Tuesday, February 24, 2015

A special dinner party

Through the magic of social media, my wife has started a rather large group of families with children from China here in No. Carolina, southern Virginia and So. Carolina.  This past weekend, a number of us met for dinner both to celebrate (a few days late!) the coming of the Year of the Goat and to get to know each other face-to-face.  I think that a good time was had by all.

There were, I believe, about nineteen families represented

Of course, the kiddies had no trouble mixing

Getting them all to stand still long enough for a group photo was a challenge.  What you can't see is a platoon of parents with phones and cameras.  And notice a certain little girl standing out front...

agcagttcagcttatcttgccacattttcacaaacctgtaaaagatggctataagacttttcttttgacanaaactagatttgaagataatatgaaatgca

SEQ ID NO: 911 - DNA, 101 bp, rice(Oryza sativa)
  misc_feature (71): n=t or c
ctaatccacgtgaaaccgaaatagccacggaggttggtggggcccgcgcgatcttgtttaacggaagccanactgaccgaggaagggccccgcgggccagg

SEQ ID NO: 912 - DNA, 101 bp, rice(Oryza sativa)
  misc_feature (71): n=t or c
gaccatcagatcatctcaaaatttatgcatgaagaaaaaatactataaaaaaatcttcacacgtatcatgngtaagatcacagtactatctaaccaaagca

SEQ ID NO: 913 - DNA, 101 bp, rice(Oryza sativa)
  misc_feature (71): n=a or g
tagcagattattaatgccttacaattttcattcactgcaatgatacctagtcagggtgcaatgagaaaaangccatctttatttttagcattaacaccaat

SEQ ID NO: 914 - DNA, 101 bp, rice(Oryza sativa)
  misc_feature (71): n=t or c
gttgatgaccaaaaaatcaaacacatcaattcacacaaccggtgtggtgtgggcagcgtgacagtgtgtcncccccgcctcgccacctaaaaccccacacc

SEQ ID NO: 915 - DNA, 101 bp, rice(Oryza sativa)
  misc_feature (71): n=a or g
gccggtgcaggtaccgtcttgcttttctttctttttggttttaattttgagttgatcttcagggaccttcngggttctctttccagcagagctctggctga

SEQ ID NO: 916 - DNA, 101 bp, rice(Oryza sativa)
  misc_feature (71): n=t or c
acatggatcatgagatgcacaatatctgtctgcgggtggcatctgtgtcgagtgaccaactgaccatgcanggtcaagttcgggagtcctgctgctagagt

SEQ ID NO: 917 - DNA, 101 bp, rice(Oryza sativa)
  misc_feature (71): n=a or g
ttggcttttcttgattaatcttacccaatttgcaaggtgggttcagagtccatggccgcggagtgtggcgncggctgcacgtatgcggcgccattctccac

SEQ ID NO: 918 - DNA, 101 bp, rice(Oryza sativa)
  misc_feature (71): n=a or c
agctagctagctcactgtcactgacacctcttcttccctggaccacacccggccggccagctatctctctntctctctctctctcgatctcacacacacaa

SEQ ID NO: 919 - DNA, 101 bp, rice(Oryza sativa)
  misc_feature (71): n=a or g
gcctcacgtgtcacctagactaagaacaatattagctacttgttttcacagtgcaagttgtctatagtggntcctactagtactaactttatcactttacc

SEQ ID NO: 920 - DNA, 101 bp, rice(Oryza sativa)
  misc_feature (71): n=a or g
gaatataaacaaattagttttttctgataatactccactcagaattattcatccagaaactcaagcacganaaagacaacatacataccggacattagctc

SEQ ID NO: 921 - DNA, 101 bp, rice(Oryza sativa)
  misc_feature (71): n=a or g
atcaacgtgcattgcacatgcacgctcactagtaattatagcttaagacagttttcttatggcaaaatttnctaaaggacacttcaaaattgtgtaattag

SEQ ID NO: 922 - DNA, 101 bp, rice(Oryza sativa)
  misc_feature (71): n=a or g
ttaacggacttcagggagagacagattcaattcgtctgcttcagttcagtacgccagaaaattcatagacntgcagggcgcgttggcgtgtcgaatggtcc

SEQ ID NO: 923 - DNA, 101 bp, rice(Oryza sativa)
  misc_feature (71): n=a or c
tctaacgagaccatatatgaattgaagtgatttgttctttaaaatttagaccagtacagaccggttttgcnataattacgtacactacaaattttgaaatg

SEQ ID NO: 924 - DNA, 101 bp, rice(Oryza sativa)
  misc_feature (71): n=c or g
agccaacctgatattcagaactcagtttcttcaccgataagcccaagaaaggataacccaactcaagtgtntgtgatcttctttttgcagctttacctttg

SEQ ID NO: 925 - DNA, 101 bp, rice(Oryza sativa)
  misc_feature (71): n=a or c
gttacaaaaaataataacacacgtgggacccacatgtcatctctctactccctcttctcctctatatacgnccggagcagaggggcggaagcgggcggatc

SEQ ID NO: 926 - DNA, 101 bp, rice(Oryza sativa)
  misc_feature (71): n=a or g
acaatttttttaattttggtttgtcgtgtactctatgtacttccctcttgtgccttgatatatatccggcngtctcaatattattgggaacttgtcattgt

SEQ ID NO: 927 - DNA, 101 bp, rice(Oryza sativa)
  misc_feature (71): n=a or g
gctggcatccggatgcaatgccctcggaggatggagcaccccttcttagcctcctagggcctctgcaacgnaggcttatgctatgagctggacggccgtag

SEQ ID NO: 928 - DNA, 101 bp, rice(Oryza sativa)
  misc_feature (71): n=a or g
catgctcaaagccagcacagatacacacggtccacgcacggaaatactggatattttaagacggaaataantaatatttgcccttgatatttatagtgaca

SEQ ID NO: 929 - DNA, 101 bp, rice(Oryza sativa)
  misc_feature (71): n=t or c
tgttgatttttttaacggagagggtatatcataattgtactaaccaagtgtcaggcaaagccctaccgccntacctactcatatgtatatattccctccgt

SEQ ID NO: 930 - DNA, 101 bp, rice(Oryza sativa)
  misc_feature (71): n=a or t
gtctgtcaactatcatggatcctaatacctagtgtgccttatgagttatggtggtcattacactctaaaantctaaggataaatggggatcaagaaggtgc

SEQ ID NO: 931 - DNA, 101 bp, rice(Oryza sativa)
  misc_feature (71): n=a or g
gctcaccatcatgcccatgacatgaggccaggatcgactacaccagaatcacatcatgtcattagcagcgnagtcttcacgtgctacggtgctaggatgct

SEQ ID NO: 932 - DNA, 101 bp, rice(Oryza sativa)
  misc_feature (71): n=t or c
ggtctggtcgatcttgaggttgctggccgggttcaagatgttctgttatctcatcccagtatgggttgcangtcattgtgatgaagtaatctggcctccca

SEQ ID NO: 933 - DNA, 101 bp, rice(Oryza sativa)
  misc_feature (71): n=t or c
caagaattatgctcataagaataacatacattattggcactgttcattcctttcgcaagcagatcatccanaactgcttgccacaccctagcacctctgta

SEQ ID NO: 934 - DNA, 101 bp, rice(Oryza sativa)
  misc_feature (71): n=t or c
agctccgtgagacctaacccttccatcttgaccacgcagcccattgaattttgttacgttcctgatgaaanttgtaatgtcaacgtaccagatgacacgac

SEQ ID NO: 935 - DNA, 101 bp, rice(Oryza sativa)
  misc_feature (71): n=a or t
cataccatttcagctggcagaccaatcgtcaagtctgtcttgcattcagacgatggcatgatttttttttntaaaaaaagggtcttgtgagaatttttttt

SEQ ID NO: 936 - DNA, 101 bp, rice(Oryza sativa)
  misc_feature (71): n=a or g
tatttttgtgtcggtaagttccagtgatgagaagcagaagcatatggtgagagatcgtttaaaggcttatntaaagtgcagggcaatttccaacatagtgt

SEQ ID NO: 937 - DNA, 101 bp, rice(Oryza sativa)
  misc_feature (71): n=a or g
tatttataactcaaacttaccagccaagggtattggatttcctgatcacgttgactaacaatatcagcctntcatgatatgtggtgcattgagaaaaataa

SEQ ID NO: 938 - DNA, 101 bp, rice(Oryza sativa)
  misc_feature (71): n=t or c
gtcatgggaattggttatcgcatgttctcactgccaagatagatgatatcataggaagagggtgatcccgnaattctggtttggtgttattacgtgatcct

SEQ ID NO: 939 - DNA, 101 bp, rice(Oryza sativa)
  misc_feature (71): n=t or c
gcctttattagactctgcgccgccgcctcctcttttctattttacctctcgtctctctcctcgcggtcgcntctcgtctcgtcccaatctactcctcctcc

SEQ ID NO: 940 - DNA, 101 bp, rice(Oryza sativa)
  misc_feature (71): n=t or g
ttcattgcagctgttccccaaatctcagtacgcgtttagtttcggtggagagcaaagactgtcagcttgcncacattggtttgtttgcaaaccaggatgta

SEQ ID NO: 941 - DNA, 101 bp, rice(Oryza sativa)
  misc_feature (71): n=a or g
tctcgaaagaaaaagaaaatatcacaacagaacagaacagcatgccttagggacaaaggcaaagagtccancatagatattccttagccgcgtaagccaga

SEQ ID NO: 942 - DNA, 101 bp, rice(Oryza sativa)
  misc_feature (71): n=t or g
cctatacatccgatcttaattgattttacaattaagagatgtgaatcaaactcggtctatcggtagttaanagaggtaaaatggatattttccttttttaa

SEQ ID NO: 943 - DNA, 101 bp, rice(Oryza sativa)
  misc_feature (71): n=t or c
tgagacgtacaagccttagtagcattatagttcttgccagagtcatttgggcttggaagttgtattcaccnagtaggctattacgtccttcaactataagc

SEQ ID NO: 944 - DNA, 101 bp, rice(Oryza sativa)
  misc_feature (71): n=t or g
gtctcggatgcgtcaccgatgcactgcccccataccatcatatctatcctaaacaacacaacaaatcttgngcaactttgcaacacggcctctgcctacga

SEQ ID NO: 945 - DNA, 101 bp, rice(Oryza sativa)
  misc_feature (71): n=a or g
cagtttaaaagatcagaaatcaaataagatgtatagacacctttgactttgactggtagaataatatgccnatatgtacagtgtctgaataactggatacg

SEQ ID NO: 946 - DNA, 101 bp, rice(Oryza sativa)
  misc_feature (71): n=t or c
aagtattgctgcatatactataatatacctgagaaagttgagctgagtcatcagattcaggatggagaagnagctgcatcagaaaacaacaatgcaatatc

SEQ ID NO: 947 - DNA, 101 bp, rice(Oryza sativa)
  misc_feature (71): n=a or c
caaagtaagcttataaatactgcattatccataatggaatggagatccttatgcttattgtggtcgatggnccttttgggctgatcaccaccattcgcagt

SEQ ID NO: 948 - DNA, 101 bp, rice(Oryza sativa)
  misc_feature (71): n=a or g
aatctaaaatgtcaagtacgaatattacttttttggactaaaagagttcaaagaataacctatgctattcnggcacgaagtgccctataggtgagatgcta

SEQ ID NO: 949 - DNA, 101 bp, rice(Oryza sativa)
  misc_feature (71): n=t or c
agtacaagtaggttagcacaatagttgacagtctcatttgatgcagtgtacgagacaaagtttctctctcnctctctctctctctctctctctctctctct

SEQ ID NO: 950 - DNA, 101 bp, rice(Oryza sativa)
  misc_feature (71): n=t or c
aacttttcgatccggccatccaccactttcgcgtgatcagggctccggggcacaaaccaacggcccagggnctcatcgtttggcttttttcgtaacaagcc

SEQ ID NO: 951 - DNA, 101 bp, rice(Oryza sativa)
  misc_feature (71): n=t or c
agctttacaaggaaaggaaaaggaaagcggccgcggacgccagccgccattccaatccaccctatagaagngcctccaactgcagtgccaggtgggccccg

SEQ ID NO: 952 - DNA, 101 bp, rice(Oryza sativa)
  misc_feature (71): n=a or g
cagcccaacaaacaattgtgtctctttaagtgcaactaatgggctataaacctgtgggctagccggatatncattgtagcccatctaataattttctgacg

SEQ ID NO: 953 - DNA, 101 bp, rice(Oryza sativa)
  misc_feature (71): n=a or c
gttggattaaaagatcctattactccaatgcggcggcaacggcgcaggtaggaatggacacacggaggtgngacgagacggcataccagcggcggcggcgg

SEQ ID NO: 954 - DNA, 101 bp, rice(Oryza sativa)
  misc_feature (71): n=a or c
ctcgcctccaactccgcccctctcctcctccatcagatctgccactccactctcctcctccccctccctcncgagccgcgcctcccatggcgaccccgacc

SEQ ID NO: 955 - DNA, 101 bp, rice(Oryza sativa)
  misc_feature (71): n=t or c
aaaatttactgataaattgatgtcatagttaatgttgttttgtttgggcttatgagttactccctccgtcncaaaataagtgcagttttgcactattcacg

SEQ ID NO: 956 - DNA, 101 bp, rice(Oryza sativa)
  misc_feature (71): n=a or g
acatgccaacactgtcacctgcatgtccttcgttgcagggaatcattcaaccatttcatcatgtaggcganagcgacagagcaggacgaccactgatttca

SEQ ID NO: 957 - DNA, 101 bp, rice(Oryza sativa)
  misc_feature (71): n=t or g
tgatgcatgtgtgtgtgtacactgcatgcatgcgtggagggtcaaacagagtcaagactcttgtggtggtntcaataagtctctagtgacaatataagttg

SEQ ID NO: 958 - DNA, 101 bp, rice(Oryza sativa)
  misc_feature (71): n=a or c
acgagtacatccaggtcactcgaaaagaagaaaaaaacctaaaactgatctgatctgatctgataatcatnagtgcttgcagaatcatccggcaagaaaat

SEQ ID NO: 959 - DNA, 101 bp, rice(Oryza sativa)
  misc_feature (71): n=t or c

Caroline shares the same birth month and year with these two little girls.  I think that little A (on the right) looks much like Caroline, though she is from a different province

It's good to know that there are (relatively) so many adopted children in the area.  I think that all of us parents hope to keep the kids in touch with each other in the years to come.  Adopted children, especially international adoptees, are something of a unique minority, and I think it is important for them to grow up around other kids who understand what it's like to be "somewhere between".


With special thanks to Ms. Sandy Ho and her staff at Sampan Restaurant in Winston-Salem, NC

Monday, February 9, 2015

A conversation about race